times, because many of those who in older times would have put up with
the marriage, today won't.  And some of the tone problem that you are
having, I suspect, is because rabbis who are steeped in the halachic
literature are very conscious of this - making it easier for them to
tolerate what we would not tolerate.  I give this example often, because
I think it is instructive.  In English law, I think until around a
century/two centuries ago - a man was permitted to beat his wife with a
rod no thicker than his thumb.  Anything more was considered abuse, but
less was acceptable.  Can you understand why a woman living in a society
where this was the law might not, perhaps, complain about a certain
degree of physical abuse that today we would find completely
unacceptable?  Even though the majority of the halachic literature is
totally against spousal abuse  (not all of it, but mostly.  Even if she
is totally dedicated to the halacha, most women in this sort of society
are likely not to leave or seek to leave unless the abuse was worse than
that sanctioned by the general society.  So the cases in the literature
that will arise in a country similar to the England of yore will all be
cases where the abuse is worse than that sanctioned by general society
(and the woman will no doubt make that statement when in front of beis
din .. If he was only doing X, like everybody else's husband ...)  So we
have a bit of a disconnect here. Rabbis who spend their lives reading
about how terrible it used to be, and read one horrendous teshuva after
a next, and women who have no idea about how awful things could be
historically for single women (eg starvation as a not unknown condition
for an unmmarried woman - the cohen in the gemora who betrothed all of
the single women in a time of famine so that they could eat teruma was
not doing it so they could have delicacies).  I know that doesn't help
the problem, because today's problems are real, and saying that things
were worse in earlier times (eg your grandmother could cope with more
children) does not mean that you can.  But on the other hand it is hard
to genuinely understand the history of halacha if one is not aware of
the historic reality - and one certainly cannot attempt to answer a
question as to why did this problem arise only in recent times if one
does not understand what really went on in times that are not recent.

Shabbat Shalom 

From: David Riceman <driceman@...>
Date: Mon, 18 Jun 2007 09:23:54 -0400
Subject: Re: Agunot/Msorevet Leget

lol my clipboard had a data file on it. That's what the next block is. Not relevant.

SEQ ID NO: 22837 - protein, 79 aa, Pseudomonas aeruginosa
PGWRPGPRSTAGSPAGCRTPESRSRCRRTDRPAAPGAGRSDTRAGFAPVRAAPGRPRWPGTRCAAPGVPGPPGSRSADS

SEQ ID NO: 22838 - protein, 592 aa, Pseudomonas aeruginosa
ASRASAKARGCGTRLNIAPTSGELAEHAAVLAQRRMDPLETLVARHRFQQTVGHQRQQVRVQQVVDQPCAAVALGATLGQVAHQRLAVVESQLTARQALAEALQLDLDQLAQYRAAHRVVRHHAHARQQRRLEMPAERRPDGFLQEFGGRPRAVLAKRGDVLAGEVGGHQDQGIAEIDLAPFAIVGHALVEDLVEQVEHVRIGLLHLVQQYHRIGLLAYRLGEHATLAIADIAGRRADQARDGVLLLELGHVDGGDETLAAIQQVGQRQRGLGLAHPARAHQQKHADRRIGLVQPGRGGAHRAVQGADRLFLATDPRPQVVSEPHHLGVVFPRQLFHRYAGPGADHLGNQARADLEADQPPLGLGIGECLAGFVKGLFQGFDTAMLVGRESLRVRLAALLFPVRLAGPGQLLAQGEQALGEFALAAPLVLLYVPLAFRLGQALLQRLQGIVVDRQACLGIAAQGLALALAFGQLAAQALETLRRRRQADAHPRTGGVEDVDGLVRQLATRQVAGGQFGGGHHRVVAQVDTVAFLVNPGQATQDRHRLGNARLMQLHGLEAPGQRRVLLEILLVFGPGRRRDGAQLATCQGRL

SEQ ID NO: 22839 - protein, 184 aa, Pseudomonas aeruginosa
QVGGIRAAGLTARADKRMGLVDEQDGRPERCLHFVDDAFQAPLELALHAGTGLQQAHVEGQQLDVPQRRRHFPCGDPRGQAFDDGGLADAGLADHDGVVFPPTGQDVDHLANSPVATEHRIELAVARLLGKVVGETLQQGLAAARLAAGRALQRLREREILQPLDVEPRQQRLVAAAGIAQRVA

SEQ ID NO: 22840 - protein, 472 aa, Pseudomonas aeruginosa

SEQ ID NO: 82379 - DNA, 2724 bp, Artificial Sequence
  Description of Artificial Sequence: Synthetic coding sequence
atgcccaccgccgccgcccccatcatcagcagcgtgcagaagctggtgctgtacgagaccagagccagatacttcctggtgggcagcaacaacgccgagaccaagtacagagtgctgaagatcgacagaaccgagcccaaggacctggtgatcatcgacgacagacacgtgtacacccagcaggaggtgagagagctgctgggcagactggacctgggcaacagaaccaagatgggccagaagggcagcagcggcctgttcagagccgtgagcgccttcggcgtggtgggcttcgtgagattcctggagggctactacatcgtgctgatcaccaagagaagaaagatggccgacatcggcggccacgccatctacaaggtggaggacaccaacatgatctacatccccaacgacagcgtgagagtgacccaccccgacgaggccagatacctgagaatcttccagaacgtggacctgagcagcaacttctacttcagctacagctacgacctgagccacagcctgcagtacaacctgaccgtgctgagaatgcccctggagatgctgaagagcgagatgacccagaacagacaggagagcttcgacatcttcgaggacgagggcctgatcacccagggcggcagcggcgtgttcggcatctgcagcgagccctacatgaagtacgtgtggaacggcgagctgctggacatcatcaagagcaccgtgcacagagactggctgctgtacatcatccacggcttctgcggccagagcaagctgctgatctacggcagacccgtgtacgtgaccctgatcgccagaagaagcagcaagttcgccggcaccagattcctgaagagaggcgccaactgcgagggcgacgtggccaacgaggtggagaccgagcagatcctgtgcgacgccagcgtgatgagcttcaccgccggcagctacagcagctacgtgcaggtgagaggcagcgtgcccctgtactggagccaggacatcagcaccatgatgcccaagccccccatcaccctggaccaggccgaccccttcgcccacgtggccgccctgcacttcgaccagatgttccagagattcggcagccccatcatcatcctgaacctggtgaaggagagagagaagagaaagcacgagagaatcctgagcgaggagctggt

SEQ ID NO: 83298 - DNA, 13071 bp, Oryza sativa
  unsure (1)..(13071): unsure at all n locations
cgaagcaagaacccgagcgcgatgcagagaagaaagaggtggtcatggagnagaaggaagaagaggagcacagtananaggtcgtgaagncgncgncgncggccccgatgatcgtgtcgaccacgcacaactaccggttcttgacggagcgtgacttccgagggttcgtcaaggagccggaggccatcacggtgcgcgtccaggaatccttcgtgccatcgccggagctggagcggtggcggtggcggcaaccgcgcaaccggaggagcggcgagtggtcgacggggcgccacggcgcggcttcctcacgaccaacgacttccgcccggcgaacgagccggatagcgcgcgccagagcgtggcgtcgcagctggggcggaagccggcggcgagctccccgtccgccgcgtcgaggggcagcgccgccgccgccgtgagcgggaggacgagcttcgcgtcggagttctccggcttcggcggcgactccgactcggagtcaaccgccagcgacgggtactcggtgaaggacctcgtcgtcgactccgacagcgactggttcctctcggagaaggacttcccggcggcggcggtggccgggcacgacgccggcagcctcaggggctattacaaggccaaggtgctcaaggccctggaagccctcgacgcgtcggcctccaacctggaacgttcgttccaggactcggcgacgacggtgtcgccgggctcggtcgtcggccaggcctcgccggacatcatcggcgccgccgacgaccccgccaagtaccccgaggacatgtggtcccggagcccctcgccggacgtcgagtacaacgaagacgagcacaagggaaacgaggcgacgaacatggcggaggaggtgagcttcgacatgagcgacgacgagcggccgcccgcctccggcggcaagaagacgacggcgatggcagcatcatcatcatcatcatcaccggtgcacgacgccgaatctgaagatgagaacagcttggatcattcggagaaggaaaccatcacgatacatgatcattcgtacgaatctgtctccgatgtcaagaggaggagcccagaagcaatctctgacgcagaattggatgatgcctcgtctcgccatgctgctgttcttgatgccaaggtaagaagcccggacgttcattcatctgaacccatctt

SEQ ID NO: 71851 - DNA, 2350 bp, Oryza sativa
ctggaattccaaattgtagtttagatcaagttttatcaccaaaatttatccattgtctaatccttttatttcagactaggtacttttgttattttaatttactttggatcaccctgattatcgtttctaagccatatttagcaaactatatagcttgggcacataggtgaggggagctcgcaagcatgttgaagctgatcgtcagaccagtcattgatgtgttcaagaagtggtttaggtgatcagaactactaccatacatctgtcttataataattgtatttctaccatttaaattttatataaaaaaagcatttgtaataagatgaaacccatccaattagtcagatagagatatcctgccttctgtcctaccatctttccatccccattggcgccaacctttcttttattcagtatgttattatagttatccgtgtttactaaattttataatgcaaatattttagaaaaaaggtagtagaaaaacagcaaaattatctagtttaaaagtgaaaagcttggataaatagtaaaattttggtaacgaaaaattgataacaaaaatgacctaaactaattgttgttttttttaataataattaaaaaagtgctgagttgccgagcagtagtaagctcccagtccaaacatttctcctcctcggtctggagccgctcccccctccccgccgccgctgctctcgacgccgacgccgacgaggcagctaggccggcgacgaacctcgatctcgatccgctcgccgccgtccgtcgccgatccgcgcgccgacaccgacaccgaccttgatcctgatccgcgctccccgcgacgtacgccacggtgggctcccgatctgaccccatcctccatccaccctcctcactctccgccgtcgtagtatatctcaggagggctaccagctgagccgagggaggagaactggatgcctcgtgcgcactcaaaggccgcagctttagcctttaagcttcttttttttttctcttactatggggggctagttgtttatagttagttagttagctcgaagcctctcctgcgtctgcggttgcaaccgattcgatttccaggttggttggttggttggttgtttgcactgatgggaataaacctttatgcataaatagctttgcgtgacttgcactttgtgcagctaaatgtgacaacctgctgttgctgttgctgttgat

From: Joseph Kaplan <penkap@...>

> According to Chana's analysis, the nature of marriage changed when the
> Torah was given.  If that's so, why has the issue of msorevet get arisen
> in full force only in the recent times?

At least in the United States the nature of divorce has changed.  It is 
now possible to get a divorce without showing misbehavior on the part of 
either party (and, in many states, without mutual consent).  Halacha 
requires mutual consent for divorce (at least among ashkenazim).  So 
that while the Jewish and American definitions of divorce may have 
always been different, not only have the numbers of divorces increased, 
the reasons motivating divorces have changed, and that has increased the 
clash in cultures.

David Riceman


From: Joseph Ginzberg <jgbiz120@...>
Date: Mon, 18 Jun 2007 14:10:39 -0400
Subject: Batei din/ agunot & business conflicts

>Halacha HAS acceptable solutions for ALL of these problems.

>Unfortunately, the problem is usually nowadays not the halacha, but
>rather some of the Batei Din.  Many times just by switching Beit Din, my
>husband succeeded in freeing a woman from her husband in cases such as
>those listed above.  Unfortunately, the process can take sometimes
>several years.

Forgive my naivete, but after seeing postings similar to the above
dozens of times in relation both to aguna issues and general bet-din
corruption issues, I am confused.

Rather than the endless discussions, protests, and so on, wouldn't the
"activists" better serve those in need by simply creating new batei din
untainted by outside influence?  It would seem to be a fairly easy
project, simply fund a bet din so it's truly communal, endowed and so
independant of outside donors and influence. If the dayanim are decently
paid, unafraid of losing their jobs and get paid the same no matter how
they rule, there is no incentive for them to cheat (ain adam choteh v'lo
lo).  They wouldn't be so overloaded eking out a living, either, so
cases would not drag on so long.

Given the mega-millions being invested in yeshiva buildings, mikva's,
and the like, it doesn't seem to me to be that farfetched.

Or are there agendas to those advocating various types of pressure and
so on, to solve these problems? Even if the aguna issue is solved that
way, basic business conflicts still need a place for resolution per
halacha, currently no less a problem than agunas.

Anyone good at fund-raising willing to tackle this?

Yossi Ginzberg


End of Volume 55 Issue 3